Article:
‘Black Mass” may sound like a classic horror film featuring Vincent Price or Barbara Steele, but it’s actually a modern crime film about a gangster nicknamed “Whitey,” played by Johnny Depp. Confusing? Yes, even more so when you examine its promo photos of a dome-headed Depp in aviator shades, which seem to promise “Fear and Loathing: The Sequel.”
Alas, Dr. Gonzo is nowhere to be found in “Black Mass,” but there is plenty of what he used to call “bad craziness.” The movie is based on the real-life story of James “Whitey” Bulger, a street thug who rose to control the Irish-Catholic neighborhood of South Boston from the 1970s to the ’90s with drug and bookmaking networks that spread much farther across the state and country. He was eventually indicted in 1994 but fled before he could be arrested, remaining a fugitive for 16 years — a feat worthy of Walter White from “Breaking Bad.”
Whitey was well known in Boston, surprisingly so considering that his brother Billy was president of the Massachusetts state Senate. Some in “Southie” (South Boston) considered Bulger a local boy made good, a Robin Hood figure, but almost anybody who dealt with him knew better: Bulger was a slit-eyed lizard who had no qualms about killing people and removing all their teeth. Viewers who don’t hail from New England may have never heard of him, but movie buffs should note that Jack Nicholson’s character in “The Departed” was loosely based on Whitey.
|Rating||out of 5|
|Run Time||123 mins|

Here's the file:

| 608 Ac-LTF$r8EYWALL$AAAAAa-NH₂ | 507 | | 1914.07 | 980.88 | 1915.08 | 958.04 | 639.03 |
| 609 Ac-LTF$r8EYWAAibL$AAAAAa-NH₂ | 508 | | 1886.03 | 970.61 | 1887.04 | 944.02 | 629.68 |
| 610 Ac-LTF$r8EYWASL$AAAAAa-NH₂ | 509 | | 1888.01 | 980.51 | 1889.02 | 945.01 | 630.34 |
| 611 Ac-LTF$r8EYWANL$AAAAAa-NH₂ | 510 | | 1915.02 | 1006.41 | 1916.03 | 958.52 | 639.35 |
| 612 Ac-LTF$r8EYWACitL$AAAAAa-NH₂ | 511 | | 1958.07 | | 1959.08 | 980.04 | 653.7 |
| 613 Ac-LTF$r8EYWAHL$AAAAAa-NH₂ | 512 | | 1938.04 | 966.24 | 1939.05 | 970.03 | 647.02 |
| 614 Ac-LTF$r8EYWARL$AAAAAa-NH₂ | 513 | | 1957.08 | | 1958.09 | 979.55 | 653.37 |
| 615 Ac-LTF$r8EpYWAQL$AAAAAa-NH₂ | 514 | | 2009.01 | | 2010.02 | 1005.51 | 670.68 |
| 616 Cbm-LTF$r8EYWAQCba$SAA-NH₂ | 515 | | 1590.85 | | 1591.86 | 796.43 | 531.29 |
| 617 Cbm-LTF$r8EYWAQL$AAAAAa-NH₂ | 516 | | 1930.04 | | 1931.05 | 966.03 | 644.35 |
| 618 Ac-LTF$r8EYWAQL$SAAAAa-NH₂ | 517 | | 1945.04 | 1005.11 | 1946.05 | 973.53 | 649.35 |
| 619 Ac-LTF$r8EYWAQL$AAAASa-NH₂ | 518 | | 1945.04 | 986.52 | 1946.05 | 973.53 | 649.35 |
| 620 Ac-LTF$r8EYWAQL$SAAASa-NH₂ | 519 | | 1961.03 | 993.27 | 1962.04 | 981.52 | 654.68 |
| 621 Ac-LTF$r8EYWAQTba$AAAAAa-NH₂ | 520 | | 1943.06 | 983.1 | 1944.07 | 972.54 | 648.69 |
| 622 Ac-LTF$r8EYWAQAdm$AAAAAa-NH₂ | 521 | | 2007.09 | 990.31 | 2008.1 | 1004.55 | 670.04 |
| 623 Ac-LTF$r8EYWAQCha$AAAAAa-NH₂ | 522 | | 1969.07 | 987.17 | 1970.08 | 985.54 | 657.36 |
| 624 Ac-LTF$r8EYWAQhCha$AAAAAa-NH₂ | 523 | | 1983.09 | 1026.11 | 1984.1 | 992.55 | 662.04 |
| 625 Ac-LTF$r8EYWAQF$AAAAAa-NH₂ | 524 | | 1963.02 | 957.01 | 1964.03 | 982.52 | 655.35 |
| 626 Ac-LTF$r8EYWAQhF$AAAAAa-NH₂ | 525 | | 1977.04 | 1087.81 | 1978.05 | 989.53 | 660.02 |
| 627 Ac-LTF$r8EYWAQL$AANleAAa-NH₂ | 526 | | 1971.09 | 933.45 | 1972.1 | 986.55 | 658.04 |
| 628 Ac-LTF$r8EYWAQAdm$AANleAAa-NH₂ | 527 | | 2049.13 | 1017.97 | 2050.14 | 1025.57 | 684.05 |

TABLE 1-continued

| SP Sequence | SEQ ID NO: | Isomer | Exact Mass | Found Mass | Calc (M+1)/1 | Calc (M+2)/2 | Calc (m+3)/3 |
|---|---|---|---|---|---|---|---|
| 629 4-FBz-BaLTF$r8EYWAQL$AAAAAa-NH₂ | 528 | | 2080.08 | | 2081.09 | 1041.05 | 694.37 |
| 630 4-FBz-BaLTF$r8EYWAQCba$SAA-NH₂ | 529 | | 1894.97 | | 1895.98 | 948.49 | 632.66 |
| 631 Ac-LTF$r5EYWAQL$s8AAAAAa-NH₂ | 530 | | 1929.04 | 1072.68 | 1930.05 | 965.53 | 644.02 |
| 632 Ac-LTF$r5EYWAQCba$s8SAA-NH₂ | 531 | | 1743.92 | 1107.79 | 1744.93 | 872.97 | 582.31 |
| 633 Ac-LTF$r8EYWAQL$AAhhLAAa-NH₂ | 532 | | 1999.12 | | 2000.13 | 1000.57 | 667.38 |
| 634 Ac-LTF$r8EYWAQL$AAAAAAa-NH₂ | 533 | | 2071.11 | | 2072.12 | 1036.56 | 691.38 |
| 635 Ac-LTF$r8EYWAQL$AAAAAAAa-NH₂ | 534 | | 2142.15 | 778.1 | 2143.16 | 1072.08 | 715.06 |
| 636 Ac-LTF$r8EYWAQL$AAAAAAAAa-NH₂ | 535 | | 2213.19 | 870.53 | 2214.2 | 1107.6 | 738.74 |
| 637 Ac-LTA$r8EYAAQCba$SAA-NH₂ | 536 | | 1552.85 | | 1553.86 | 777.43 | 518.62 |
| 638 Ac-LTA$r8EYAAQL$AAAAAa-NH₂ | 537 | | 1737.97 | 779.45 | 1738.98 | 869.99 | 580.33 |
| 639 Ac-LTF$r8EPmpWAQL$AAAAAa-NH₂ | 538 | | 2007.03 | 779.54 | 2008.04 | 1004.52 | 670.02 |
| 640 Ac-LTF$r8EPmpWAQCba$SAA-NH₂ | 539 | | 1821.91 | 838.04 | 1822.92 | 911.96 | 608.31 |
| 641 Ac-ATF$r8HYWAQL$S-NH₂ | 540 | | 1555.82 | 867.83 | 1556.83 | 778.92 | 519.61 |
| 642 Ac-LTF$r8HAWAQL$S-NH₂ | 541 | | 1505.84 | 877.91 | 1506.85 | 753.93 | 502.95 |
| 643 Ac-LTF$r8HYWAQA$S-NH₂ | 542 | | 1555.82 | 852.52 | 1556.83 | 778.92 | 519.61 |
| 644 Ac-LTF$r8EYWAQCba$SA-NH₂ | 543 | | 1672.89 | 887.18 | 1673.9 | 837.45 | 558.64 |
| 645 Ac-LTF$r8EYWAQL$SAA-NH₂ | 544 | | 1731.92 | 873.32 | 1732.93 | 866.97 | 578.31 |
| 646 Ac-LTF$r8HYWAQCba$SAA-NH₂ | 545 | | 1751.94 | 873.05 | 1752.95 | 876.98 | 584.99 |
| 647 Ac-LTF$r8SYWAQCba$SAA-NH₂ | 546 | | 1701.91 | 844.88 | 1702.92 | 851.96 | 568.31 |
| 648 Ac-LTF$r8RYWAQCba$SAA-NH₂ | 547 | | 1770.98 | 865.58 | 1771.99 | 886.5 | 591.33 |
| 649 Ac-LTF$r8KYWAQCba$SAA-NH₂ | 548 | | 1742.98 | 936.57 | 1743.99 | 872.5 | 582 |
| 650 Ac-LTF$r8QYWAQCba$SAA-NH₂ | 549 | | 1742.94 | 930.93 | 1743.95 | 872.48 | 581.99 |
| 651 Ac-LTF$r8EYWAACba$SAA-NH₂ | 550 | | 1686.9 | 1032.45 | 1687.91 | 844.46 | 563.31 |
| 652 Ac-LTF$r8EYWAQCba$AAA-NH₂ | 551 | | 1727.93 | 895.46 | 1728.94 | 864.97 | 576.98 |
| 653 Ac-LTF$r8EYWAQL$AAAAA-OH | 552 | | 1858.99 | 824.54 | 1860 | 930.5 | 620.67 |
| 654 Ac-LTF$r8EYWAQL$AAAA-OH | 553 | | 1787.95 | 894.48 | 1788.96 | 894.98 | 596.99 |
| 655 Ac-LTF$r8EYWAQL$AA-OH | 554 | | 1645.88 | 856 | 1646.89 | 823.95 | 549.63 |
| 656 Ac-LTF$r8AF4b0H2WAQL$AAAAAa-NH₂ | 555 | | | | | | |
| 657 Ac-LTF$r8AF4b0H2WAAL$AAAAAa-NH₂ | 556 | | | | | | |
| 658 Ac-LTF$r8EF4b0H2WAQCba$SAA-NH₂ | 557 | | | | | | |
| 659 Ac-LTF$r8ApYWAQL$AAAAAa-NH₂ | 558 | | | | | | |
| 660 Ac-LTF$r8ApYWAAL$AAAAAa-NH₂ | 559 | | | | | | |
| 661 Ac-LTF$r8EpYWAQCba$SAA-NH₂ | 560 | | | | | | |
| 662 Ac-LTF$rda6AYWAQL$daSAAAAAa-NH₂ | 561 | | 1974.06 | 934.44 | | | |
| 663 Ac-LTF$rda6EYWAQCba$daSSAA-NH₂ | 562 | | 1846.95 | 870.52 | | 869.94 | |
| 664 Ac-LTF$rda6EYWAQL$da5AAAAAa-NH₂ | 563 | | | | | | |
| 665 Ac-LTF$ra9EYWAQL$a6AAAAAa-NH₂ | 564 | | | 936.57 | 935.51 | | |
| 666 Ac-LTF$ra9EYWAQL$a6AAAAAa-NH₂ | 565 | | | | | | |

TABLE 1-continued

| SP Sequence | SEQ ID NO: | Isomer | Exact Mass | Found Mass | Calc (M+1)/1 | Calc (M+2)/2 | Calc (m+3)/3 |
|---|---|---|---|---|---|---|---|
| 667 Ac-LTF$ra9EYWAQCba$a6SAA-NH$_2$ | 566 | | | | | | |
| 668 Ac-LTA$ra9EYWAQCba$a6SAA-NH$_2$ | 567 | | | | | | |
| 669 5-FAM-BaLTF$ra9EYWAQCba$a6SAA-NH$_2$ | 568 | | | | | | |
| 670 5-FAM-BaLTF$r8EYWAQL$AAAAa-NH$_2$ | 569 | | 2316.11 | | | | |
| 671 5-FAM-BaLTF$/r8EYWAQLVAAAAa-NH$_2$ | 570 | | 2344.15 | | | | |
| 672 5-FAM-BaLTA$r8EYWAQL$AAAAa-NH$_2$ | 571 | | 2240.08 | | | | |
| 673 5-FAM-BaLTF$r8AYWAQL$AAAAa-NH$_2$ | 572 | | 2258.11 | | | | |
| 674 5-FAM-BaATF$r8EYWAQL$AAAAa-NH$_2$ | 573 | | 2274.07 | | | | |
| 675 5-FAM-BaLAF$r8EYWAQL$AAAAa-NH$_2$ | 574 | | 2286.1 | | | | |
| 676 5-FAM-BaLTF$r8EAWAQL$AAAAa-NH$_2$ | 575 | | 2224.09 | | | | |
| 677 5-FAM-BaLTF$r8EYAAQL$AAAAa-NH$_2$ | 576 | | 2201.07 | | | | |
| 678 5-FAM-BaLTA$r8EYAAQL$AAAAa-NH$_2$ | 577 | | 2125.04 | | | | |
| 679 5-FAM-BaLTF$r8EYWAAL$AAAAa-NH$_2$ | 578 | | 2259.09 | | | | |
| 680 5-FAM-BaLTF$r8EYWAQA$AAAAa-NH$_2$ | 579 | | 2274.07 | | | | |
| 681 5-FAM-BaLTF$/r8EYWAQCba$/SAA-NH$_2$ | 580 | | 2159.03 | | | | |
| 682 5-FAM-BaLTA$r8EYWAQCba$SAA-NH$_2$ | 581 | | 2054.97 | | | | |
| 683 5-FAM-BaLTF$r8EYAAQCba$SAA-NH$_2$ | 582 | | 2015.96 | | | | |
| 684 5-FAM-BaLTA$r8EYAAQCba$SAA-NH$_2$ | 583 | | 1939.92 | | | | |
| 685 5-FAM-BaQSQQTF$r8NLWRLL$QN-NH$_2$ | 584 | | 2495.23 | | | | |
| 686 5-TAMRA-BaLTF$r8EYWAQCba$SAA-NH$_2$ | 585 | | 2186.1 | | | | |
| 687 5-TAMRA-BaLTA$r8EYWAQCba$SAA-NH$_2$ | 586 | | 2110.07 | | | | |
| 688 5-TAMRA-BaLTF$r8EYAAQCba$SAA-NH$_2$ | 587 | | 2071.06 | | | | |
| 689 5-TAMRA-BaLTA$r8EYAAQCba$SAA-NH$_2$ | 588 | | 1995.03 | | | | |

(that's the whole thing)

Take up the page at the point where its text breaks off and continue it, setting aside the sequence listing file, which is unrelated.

Director Scott Cooper sticks to the Martin Scorsese template for gangster films, with lots of ’70s fake leather and polyester fashion, mustaches and boxy cars, along with plenty of betrayals, cold-blooded hits and wiseguy banter larded with F-bombs. It’s all tightly edited to a cool soundtrack of tough period rock ‘n’ roll — Blondie, The Rolling Stones, The Animals — and, like “Goodfellas” or “Casino,” it refuses to moralize.
Bulger, played by Depp with a raspy attempt at a “Baahston” accent, oozes menace and has virtually no redeeming qualities. He’s the kind of guy who’ll kill his partner’s girlfriend — not because she squealed but because her drug habit makes her a risk. He’s big on the honor-and-loyalty thing but nevertheless feeds information to the feds, convincing himself he’s not a rat because he only gives up the Italian mob. Yeah, he loves his mother, but most gangsters do.
There are many ways one could have approached the Bulger story, but Cooper (and screenwriters Mark Mallouk and Jez Butterworth) turn it into a Faustian parable, with Bulger as the devil incarnate and FBI agent John Connolly as the man who sells his soul. Joel Edgerton plays Connolly as a guy full of bluster and ambition. He wallows in a moral gray zone, contaminating everyone he touches, including his FBI partner (David Harbour) and wife (Julianne Nicholson).
Connolly, who grew up in the same neighborhood as Whitey and is tight with Billy (Benedict Cumberbatch), proposes a mutual alliance: Whitey will rat out the Mafia, giving the feds a victory and removing his competition, and Connolly will protect him in return. Win-win, right? Connolly winds up so committed to his stoolie that he throws the feds off course, even as the body count rises.
“Black Mass” boasts a huge ensemble cast, with terrific actors such as Cumberbatch, Juno Temple, Jesse Plemons, Rory Cochrane, Peter Sarsgaard, Dakota Johnson and even Kevin Bacon, who all make brief but memorable appearances. The cast is so deep, and there’s so much more to the story, that it’s hard not to get the feeling that this would have made a great TV series.
As is, things are a bit rushed. Bulger’s years on the lam aren’t even addressed, and the female characters have maybe two minutes of screen time each, while Sienna Miller — in the role of Bulger’s real-life girlfriend Catherine Greig who joined him on the lam — was cut out of the film completely. A director’s cut may be worth waiting for.
In a time of both misinformation and too much information, quality journalism is more crucial than ever.
By subscribing, you can help us get the story right.